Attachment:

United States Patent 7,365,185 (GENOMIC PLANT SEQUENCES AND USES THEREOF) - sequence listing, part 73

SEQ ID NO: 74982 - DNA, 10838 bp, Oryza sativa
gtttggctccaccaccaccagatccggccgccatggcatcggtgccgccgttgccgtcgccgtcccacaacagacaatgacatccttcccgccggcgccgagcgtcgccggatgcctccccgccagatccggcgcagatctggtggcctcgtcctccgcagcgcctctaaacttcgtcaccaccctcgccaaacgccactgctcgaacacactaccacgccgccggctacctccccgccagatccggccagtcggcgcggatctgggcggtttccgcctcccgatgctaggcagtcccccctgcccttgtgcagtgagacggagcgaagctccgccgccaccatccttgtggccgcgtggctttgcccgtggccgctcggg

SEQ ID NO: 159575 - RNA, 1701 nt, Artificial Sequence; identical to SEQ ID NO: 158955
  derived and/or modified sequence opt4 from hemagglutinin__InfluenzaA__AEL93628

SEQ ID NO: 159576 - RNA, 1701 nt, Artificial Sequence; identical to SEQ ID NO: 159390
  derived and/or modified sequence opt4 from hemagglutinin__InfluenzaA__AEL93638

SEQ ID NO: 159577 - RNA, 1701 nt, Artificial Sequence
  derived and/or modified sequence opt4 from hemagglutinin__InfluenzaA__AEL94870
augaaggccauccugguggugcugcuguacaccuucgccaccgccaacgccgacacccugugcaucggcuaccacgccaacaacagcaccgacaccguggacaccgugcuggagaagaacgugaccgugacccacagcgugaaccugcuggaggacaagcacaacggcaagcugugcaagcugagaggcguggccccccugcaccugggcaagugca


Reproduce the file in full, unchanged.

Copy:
United States Patent 7,365,185 (GENOMIC PLANT SEQUENCES AND USES THEREOF) - sequence listing, part 73

SEQ ID NO: 74982 - DNA, 10838 bp, Oryza sativa
gtttggctccaccaccaccagatccggccgccatggcatcggtgccgccgttgccgtcgccgtcccacaacagacaatgacatccttcccgccggcgccgagcgtcgccggatgcctccccgccagatccggcgcagatctggtggcctcgtcctccgcagcgcctctaaacttcgtcaccaccctcgccaaacgccactgctcgaacacactaccacgccgccggctacctccccgccagatccggccagtcggcgcggatctgggcggtttccgcctcccgatgctaggcagtcccccctgcccttgtgcagtgagacggagcgaagctccgccgccaccatccttgtggccgcgtggctttgcccgtggccgctcggg

SEQ ID NO: 159575 - RNA, 1701 nt, Artificial Sequence; identical to SEQ ID NO: 158955
  derived and/or modified sequence opt4 from hemagglutinin__InfluenzaA__AEL93628

SEQ ID NO: 159576 - RNA, 1701 nt, Artificial Sequence; identical to SEQ ID NO: 159390
  derived and/or modified sequence opt4 from hemagglutinin__InfluenzaA__AEL93638

SEQ ID NO: 159577 - RNA, 1701 nt, Artificial Sequence
  derived and/or modified sequence opt4 from hemagglutinin__InfluenzaA__AEL94870
augaaggccauccugguggugcugcuguacaccuucgccaccgccaacgccgacacccugugcaucggcuaccacgccaacaacagcaccgacaccguggacaccgugcuggagaagaacgugaccgugacccacagcgugaaccugcuggaggacaagcacaacggcaagcugugcaagcugagaggcguggccccccugcaccugggcaagugca